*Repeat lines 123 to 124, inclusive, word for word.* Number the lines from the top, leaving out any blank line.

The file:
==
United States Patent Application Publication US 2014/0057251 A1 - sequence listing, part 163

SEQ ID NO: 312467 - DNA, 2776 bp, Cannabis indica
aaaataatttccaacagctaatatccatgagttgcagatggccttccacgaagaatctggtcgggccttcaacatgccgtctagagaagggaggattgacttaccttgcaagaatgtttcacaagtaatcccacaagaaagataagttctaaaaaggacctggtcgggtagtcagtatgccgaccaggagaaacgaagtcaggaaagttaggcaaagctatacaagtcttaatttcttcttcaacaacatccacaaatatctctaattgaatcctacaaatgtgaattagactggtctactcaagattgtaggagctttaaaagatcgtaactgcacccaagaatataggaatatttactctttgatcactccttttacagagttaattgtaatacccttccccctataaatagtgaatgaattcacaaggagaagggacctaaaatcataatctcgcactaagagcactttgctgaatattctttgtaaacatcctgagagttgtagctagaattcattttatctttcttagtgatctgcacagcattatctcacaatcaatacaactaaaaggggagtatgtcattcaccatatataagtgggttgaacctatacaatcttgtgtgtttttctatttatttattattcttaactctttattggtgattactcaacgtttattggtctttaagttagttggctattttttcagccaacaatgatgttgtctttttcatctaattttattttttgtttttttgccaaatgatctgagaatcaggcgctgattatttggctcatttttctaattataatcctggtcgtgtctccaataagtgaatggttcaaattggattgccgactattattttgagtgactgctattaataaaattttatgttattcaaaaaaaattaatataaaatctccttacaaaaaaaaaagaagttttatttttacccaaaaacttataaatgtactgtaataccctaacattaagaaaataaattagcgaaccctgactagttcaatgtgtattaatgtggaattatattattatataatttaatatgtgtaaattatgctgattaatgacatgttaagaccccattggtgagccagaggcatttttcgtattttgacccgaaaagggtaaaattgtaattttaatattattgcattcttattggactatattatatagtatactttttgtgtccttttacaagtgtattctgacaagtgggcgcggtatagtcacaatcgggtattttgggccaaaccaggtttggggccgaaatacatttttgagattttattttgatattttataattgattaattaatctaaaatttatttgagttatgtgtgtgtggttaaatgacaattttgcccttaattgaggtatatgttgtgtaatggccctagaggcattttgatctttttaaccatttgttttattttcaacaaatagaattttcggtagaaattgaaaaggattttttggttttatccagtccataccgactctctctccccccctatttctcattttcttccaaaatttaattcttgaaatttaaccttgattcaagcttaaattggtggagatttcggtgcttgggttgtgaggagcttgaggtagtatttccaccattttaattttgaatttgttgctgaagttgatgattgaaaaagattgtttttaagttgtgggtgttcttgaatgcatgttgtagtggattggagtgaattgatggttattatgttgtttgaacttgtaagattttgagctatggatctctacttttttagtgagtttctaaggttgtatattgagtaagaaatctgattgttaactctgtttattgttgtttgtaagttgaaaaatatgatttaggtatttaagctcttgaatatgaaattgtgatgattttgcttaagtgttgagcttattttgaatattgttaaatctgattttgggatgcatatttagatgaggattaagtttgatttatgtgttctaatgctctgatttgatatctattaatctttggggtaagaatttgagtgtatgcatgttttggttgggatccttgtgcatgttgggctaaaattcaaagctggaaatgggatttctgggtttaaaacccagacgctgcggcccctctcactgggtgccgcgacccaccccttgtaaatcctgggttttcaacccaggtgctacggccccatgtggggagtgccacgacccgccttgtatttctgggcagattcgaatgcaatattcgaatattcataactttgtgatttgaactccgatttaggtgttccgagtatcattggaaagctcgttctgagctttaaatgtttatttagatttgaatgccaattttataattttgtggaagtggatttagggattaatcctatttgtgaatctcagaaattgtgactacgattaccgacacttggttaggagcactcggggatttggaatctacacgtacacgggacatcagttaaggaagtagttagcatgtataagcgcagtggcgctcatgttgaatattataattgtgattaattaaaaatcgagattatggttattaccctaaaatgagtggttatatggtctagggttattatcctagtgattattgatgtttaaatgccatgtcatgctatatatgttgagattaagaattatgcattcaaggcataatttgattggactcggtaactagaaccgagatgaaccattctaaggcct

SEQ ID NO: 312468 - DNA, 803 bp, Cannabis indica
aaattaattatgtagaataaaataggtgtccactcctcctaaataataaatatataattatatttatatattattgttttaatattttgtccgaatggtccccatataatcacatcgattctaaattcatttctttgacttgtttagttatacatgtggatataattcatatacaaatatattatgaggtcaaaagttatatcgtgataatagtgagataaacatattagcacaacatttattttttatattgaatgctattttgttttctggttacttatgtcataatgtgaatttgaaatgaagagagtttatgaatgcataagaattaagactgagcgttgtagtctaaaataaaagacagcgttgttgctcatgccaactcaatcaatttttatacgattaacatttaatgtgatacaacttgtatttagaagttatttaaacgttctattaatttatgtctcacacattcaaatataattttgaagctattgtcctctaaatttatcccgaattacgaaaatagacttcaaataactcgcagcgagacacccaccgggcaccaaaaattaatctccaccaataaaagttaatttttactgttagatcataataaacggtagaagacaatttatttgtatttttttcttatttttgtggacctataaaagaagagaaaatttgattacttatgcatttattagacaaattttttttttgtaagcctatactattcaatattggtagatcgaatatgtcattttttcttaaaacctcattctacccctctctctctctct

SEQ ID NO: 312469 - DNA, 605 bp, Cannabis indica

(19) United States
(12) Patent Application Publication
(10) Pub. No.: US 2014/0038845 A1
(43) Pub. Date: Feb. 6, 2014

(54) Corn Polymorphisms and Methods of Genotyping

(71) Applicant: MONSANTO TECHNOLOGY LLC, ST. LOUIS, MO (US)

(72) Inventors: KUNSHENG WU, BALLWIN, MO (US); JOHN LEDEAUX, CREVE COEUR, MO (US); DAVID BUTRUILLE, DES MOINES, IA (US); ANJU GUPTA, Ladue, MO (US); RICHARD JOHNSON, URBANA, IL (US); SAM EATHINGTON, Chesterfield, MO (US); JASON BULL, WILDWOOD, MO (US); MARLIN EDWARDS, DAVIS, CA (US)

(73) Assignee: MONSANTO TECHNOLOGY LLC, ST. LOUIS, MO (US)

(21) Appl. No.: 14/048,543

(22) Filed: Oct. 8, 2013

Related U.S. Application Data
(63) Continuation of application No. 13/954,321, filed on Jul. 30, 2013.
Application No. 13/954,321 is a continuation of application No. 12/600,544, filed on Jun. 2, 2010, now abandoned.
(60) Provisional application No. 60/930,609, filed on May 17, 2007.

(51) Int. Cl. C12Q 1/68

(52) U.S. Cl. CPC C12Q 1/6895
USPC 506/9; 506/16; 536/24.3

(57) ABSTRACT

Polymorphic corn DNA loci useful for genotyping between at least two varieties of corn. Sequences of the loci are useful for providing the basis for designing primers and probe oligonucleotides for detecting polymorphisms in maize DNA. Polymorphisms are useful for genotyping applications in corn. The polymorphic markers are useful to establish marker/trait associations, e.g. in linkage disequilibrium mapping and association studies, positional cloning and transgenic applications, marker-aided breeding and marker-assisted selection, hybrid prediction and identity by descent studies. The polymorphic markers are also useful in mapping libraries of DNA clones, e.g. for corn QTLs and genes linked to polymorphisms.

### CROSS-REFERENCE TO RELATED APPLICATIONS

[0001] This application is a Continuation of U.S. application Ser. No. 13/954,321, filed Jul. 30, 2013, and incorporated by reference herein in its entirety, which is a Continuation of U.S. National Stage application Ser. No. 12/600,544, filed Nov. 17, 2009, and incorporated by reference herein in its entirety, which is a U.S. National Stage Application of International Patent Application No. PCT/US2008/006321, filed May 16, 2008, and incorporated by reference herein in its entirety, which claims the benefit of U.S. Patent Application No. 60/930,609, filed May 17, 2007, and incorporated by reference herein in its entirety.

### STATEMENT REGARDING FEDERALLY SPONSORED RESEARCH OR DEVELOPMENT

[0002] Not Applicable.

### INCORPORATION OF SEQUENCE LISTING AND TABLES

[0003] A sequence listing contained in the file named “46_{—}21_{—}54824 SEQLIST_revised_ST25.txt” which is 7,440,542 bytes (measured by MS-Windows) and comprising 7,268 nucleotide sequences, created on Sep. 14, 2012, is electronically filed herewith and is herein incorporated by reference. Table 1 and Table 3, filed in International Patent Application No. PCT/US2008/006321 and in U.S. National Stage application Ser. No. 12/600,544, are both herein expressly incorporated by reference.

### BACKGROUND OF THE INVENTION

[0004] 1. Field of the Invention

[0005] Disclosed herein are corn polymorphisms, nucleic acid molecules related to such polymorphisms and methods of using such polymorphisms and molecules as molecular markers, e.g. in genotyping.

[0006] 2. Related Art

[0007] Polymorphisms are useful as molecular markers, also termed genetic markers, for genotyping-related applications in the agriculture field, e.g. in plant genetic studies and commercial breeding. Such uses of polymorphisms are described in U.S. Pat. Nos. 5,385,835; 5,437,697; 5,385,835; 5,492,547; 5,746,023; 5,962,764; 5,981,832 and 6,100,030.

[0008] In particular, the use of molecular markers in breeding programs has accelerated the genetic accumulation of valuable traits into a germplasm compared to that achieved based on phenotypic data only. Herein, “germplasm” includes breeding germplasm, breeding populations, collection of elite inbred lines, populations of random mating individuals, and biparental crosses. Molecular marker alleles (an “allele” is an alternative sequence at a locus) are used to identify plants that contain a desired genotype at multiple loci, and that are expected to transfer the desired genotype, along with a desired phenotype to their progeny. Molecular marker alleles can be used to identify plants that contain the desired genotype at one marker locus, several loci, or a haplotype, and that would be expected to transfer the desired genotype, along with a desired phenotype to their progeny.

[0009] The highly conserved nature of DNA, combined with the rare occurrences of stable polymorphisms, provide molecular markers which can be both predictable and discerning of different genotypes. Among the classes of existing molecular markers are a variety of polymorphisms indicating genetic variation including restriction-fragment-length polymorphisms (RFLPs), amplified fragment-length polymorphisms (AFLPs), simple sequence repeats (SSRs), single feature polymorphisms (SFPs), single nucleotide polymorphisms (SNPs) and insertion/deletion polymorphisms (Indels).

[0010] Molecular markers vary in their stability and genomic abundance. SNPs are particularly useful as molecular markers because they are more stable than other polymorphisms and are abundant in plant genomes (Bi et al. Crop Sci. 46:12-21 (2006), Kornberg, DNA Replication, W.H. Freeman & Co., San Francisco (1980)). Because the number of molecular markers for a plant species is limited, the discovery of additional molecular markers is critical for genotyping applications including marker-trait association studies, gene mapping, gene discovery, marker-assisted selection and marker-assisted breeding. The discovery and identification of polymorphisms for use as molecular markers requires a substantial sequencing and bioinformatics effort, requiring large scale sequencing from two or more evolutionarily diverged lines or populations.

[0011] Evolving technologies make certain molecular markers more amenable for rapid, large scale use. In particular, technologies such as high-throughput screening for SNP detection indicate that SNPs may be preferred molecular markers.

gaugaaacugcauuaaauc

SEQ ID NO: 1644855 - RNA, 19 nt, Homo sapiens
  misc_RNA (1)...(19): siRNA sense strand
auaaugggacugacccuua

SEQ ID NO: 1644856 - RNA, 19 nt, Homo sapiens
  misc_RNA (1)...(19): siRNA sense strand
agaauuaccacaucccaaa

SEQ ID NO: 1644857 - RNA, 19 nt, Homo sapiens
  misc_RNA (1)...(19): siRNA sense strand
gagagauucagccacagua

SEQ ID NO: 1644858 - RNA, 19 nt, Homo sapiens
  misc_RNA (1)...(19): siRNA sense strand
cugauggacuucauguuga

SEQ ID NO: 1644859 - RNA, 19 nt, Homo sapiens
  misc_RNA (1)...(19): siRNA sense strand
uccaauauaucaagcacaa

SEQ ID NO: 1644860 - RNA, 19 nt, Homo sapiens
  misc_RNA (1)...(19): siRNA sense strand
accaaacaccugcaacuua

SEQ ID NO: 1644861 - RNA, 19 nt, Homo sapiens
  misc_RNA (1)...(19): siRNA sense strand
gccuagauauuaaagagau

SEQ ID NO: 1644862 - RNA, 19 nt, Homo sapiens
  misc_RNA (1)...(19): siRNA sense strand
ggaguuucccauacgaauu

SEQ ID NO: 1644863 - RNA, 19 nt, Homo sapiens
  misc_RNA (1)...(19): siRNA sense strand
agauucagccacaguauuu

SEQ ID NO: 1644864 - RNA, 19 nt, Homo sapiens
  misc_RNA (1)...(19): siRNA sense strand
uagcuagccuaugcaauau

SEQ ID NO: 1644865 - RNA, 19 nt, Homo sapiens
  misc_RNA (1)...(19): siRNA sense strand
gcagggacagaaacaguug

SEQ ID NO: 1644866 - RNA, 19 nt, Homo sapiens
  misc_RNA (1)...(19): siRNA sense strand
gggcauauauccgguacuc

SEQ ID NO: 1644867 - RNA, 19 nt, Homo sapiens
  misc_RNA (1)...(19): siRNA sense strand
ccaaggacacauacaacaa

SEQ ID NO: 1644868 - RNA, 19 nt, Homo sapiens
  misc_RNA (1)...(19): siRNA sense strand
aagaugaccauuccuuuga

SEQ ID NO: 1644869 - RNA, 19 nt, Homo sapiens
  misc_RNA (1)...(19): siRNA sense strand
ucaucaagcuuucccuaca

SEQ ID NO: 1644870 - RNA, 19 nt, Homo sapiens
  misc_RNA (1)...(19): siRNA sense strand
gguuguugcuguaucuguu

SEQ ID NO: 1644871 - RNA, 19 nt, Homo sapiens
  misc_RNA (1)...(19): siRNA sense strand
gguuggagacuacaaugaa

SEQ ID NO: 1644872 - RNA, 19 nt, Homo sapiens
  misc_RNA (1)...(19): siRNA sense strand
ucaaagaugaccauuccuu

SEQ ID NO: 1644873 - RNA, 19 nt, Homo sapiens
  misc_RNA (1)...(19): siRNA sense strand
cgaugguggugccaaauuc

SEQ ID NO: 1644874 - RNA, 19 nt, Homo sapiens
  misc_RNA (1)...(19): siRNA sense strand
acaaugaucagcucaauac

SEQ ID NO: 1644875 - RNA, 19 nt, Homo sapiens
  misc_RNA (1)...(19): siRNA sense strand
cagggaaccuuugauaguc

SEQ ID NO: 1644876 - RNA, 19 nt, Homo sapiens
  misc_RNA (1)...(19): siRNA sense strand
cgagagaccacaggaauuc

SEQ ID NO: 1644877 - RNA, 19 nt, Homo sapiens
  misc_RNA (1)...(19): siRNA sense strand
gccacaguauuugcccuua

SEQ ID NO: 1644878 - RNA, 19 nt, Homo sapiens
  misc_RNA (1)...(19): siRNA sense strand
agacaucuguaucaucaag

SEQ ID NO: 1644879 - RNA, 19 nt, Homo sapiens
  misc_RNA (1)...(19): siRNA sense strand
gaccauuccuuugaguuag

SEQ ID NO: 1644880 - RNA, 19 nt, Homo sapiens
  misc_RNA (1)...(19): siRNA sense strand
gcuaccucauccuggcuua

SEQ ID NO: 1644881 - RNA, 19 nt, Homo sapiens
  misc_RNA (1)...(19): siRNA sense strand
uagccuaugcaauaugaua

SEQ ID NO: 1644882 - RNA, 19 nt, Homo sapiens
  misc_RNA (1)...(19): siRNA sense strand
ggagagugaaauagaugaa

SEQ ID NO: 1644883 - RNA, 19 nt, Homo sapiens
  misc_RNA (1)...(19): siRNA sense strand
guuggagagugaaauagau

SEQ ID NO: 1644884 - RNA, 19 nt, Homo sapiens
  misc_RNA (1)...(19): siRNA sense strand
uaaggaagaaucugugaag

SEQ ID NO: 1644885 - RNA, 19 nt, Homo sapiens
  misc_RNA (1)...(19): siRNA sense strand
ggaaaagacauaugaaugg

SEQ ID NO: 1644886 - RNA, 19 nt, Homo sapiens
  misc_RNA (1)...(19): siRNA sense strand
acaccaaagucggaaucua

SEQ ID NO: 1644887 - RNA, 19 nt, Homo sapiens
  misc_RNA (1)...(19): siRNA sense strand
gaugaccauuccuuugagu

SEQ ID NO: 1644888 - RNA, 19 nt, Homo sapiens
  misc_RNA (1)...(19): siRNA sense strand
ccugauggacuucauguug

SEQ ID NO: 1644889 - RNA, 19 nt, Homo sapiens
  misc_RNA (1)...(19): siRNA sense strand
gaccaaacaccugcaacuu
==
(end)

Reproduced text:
SEQ ID NO: 1644882 - RNA, 19 nt, Homo sapiens
  misc_RNA (1)...(19): siRNA sense strand